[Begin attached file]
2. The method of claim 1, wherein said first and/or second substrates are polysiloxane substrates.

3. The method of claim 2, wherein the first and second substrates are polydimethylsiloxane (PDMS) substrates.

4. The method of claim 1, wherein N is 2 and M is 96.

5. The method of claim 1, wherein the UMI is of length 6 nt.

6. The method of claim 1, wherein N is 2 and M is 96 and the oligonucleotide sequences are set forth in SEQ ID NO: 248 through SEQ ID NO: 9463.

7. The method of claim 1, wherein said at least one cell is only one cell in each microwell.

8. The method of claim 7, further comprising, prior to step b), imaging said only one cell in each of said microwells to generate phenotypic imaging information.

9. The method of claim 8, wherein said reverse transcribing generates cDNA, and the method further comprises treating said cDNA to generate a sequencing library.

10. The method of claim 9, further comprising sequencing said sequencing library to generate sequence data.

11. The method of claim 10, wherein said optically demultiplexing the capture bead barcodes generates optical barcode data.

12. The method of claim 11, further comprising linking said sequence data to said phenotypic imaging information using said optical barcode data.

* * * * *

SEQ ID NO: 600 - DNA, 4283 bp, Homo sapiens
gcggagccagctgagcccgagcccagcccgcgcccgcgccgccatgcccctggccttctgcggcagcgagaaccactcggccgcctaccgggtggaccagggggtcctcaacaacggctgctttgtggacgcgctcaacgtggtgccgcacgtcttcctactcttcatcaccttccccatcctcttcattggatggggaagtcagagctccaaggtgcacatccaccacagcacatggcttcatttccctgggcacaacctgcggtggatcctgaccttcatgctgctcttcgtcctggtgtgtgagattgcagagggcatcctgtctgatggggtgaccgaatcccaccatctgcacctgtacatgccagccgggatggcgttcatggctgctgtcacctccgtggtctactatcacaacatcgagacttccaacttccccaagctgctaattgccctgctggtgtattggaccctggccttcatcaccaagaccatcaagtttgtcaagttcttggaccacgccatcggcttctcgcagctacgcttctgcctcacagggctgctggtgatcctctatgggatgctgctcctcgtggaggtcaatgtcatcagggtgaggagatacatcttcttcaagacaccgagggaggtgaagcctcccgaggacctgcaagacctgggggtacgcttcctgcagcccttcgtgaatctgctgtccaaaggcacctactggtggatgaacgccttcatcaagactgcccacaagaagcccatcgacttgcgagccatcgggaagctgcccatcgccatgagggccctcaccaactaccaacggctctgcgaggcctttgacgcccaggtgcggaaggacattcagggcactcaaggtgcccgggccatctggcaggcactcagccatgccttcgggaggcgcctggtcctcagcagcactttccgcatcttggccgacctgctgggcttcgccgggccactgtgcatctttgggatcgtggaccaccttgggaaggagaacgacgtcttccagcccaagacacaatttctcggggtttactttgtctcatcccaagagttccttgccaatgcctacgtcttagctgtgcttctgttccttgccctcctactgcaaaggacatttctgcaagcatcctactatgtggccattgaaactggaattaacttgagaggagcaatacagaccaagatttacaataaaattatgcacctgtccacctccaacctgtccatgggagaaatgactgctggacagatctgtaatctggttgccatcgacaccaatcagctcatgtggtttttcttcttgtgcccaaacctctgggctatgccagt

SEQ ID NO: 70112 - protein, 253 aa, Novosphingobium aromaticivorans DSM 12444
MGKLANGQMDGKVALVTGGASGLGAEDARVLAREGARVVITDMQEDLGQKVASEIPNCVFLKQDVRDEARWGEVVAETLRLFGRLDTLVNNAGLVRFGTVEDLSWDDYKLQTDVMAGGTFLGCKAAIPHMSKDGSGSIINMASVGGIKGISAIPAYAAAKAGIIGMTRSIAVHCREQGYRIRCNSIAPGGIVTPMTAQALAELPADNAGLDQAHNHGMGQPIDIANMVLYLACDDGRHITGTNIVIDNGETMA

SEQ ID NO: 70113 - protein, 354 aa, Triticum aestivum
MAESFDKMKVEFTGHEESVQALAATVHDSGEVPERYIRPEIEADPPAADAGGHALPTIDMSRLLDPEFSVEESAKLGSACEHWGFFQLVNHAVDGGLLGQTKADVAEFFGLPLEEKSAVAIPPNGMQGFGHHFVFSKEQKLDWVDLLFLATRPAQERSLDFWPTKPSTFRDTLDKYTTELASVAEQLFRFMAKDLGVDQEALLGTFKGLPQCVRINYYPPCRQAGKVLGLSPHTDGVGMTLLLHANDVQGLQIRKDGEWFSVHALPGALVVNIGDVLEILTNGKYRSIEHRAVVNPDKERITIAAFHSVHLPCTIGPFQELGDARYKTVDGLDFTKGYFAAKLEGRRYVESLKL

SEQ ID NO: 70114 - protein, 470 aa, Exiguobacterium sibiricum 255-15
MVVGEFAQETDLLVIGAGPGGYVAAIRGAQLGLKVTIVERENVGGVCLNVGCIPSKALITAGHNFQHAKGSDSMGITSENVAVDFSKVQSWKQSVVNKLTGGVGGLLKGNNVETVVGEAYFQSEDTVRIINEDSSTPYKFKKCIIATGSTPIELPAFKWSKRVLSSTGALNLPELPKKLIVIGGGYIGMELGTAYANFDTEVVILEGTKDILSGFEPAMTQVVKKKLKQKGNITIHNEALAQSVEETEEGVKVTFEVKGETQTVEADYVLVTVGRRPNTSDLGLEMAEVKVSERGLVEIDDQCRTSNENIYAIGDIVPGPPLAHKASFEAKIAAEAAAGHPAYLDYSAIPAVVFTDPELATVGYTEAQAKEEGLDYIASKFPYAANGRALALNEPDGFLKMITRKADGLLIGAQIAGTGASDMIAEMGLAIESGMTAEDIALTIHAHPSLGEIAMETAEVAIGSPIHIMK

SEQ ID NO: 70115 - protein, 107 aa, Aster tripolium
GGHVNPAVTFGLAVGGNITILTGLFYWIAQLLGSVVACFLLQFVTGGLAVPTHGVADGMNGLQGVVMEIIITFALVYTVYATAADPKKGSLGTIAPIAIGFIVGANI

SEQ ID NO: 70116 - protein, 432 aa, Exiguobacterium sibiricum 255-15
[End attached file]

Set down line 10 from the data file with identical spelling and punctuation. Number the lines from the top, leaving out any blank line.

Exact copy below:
11. The method of claim 10, wherein said optically demultiplexing the capture bead barcodes generates optical barcode data.